Probably because my writing and activities frequently involve taking stands on issues of public policy, from time to time I am asked whether I would consider running for political office. Such inquiries provide me with an opportunity to get a good laugh, because I usually respond with something like this:
“I’m not so sure I have the ideal resume for elected office. I currently serve as president of a group that advocates for atheists (the Secular Coalition for America). Before that, I served two terms as president of another atheist-humanist advocacy group (the American Humanist Association). Moreover, I've also written a book called Nonbeliever Nation. And to top it all off, I’m lead counsel in a lawsuit that challenges the ‘under God’ wording of the Pledge of Allegiance!”
My questioner usually gets my point quickly, and is already laughing before I cap off this statement with a question of my own: “Does that look like the resume of a viable candidate for election?”
After we both enjoy this little chuckle, we’ll move the conversation toward more realistic topics.
As I relayed this story to one young person recently, however, I received a different response. She smiled slightly, but then her face immediately became serious again and she asked another question: “Why should any of those things disqualify you from running for office?”
I could see that her question was sincere, that she wanted an answer. Forced to consider it, I realized that I had never taken the analysis beyond the joking stage. Indeed, why should a person be seen as unfit for elected office merely because he or she has advocated visibly on behalf of the secular demographic?
Objectively speaking, it’s not as if atheists are an embarrassing segment of society, some strange cult with bizarre beliefs and rituals. Over ninety percent of the National Academy of Sciences holds atheist or agnostic views—is this a source of shame? Social problems do not correlate to secular individuals or societies, and in fact they often correlate negatively (with lower rates among secular populations)—so why should advocacy on behalf of seculars disqualify anyone from office?
It's noteworthy that most atheist activism has little to do with trying to dispel other religious beliefs, but instead merely seeks to push back against anti-atheist prejudice and to oppose the intrusion of religion into government. It's hard to see why this would be political poison. Advocacy on behalf of racial minorities, women, or gays and lesbians would never disqualify a candidacy, but for some reason we seem to see it as toxic in the context of secular advocacy.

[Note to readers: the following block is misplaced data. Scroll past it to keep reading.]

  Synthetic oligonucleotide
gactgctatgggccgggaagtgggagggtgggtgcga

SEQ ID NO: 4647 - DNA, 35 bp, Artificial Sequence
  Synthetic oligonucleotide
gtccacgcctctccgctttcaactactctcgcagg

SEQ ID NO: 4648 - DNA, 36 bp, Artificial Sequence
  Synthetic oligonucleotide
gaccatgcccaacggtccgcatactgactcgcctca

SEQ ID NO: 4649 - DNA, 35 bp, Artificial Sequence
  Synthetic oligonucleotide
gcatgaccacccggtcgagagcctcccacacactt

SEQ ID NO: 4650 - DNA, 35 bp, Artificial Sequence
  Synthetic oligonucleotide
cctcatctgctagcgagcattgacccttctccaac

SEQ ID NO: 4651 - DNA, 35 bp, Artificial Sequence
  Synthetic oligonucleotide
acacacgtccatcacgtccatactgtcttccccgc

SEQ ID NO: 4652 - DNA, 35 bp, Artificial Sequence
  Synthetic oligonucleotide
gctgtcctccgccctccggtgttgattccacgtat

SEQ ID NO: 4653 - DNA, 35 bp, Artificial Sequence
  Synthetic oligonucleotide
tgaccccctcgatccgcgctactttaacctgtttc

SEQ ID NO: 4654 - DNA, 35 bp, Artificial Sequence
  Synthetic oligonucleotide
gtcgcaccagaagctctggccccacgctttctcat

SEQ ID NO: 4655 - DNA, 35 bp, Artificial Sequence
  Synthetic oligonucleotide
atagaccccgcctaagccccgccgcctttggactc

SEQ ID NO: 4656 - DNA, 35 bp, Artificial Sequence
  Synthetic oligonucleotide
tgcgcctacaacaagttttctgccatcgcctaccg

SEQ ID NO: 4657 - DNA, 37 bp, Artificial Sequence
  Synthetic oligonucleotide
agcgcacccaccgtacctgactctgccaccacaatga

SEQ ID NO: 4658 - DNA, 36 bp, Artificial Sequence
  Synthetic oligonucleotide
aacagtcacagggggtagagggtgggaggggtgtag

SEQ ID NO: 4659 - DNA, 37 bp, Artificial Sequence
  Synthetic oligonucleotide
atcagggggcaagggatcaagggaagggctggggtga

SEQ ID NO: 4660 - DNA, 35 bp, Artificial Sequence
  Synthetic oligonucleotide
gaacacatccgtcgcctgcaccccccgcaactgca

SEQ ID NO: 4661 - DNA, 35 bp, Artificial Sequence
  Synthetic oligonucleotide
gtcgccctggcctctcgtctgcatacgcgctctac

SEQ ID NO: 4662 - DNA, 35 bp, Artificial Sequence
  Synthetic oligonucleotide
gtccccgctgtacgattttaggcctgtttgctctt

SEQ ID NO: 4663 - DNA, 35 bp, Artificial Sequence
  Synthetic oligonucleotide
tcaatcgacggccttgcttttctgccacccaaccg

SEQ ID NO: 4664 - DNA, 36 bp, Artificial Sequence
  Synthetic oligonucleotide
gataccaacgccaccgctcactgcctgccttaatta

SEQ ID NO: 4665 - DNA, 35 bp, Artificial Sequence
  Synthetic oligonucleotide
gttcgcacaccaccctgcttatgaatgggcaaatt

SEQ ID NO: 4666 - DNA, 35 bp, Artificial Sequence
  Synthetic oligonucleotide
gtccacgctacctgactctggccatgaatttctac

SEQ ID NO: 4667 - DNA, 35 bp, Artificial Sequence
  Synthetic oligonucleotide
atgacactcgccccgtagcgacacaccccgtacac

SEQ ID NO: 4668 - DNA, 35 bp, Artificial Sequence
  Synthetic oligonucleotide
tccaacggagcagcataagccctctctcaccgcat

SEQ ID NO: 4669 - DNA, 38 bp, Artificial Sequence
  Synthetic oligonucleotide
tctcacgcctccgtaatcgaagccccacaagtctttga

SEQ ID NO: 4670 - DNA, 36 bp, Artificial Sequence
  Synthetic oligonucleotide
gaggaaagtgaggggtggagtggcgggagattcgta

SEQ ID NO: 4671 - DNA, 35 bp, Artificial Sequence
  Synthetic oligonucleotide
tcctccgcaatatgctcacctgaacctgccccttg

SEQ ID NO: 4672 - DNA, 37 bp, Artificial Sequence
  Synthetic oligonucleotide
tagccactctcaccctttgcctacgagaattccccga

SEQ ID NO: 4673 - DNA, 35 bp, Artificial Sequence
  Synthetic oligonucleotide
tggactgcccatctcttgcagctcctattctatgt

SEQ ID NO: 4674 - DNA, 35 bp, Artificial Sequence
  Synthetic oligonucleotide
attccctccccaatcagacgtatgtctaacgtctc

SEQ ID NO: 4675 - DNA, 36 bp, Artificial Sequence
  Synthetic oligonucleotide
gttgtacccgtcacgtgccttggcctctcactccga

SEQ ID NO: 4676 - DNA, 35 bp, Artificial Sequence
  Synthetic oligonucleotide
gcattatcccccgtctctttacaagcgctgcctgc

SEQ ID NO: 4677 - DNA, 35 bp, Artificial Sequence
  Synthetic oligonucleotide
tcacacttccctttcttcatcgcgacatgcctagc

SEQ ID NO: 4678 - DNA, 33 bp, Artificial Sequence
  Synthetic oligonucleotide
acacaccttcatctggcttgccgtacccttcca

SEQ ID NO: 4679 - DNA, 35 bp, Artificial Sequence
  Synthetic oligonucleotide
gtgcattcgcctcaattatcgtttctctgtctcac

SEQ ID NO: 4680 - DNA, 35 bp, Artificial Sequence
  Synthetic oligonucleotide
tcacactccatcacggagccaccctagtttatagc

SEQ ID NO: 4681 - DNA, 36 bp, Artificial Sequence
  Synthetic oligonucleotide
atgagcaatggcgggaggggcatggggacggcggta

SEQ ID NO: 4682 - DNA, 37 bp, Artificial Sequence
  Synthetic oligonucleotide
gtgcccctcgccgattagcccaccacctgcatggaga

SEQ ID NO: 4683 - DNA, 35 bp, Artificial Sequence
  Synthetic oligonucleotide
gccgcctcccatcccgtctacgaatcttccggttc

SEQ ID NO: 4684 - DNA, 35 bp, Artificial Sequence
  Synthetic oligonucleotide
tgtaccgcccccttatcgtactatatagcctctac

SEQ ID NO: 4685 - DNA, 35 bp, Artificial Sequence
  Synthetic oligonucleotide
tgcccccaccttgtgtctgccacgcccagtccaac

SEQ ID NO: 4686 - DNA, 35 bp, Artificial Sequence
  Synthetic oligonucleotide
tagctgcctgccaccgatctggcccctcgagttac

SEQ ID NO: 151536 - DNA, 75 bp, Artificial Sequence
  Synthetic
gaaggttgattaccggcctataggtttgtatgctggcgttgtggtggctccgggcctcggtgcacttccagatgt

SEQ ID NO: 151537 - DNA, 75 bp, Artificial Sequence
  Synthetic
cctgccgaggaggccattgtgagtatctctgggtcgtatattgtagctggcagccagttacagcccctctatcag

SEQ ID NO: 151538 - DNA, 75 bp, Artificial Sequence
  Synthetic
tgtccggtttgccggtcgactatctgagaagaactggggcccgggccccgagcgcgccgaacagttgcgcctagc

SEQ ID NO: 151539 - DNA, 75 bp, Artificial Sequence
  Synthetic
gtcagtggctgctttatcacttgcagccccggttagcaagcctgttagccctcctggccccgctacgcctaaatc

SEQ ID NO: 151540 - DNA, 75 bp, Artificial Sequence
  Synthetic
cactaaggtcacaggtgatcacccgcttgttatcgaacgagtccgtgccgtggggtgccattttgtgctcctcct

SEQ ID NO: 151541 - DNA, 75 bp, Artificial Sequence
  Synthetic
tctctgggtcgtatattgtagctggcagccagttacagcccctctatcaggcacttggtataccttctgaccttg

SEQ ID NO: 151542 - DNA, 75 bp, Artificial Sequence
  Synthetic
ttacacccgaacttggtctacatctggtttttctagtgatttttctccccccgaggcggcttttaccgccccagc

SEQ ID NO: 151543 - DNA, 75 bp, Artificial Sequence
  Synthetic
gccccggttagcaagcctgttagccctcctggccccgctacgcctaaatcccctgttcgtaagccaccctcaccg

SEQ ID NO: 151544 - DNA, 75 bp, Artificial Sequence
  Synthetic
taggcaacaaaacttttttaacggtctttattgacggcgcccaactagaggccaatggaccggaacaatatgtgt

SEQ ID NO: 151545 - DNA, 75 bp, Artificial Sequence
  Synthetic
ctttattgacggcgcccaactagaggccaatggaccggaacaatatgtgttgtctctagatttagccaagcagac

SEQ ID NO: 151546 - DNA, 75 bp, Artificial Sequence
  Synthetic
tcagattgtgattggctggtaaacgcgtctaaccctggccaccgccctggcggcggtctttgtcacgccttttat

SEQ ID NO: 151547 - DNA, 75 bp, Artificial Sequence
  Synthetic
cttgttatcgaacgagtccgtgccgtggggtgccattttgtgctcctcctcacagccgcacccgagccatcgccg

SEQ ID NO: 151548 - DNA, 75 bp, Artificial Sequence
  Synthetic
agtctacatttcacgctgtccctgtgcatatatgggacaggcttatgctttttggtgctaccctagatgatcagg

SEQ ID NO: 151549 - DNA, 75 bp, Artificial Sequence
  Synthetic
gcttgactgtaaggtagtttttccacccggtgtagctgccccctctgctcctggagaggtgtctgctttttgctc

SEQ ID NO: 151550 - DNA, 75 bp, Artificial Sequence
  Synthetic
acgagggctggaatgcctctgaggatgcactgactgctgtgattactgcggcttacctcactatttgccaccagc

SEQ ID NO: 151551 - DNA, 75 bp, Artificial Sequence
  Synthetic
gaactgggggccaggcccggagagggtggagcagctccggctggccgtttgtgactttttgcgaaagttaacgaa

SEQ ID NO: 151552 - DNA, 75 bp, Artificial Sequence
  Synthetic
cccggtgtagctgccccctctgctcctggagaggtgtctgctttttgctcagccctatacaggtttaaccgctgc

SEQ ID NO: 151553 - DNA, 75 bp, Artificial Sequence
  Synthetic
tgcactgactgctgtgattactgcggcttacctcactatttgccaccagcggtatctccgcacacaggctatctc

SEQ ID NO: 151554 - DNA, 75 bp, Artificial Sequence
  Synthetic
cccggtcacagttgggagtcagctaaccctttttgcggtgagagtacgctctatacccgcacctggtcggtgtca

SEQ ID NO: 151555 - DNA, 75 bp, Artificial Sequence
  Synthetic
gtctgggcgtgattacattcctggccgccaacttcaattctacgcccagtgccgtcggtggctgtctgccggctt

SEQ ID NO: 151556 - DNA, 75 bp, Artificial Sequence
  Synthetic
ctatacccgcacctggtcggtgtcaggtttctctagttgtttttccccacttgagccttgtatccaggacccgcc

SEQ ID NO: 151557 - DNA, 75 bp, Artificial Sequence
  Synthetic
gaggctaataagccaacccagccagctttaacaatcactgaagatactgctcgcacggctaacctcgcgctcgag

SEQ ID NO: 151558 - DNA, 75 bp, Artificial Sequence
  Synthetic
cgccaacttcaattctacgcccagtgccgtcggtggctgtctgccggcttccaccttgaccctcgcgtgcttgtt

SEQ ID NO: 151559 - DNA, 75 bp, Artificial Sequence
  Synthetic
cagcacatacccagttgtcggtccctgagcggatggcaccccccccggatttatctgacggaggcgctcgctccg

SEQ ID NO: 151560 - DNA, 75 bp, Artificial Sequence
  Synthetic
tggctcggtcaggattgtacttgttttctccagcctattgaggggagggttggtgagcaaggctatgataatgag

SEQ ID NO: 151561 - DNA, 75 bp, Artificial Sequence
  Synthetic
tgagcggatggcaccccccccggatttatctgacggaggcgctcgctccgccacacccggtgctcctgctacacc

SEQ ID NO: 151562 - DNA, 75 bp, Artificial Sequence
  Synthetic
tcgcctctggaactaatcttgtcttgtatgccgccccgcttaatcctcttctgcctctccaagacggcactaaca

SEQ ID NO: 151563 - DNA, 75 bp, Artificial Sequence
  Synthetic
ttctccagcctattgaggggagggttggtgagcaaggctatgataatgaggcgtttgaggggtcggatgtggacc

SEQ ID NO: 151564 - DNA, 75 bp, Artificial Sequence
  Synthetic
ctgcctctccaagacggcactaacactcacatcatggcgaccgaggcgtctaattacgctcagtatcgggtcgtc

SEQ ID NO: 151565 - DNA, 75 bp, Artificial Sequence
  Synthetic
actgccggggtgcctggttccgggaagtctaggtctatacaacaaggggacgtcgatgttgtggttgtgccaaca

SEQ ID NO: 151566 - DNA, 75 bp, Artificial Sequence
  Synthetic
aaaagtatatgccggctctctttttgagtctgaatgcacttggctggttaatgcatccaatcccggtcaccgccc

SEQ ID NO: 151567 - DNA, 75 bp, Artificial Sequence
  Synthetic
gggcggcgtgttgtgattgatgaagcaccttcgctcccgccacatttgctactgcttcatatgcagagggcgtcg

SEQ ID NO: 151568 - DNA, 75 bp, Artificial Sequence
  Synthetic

It occurred to me that even I—one who is deeply immersed in the culture wars—carry around outdated assumptions about atheism and politics. My new friend, perhaps lacking the baggage of old-fashioned thinking, could see the issue more clearly. Even the perceived political blasphemy of challenging the Pledge of Allegiance is, in the final analysis, an act in defense of patriotism, not a rejection of it. After all, is there something unpatriotic about wanting your nation's patriotic exercise to be inclusive of all good citizens? Shouldn’t any patriotic exercise—especially one conducted daily in public schools for purposes of defining patriotism and loyalty for children—be nondiscriminatory?
If voters can’t see that seculars deserve respect—if they would reject an open atheist candidate merely because they perceive the secular demographic as being that undesirable—then surely we need a public discussion of these issues. It is troubling, for example, that a respected member of Congress such as Barney Frank could only come out as an atheist after leaving office, even though he had come out as gay three decades ago!
For the voting public to reject an atheist candidate outright, even one who ardently advocates on behalf of the seculars, is nothing less than bigoted. Moreover, if we're wondering why rational and progressive public policy is so sadly lacking in this country, one could wonder whether it has something to do with the lack of openly atheist and agnostic elected officials. The willingness to accept secular candidates can be seen as a sign of an enlightened, intelligent electorate, just as the irrational bias against them says the opposite. This is especially true when we consider that candidates routinely get elected in much of the country while proudly rejecting science and proclaiming a belief that the world is only a few thousand years old. In other words, voters get the public policy they deserve.
Just for the record, this shouldn’t be construed as a declaration of my candidacy for any office, but it certainly has caused me to rethink my punch line. Maybe my resume isn’t such a disqualifier after all?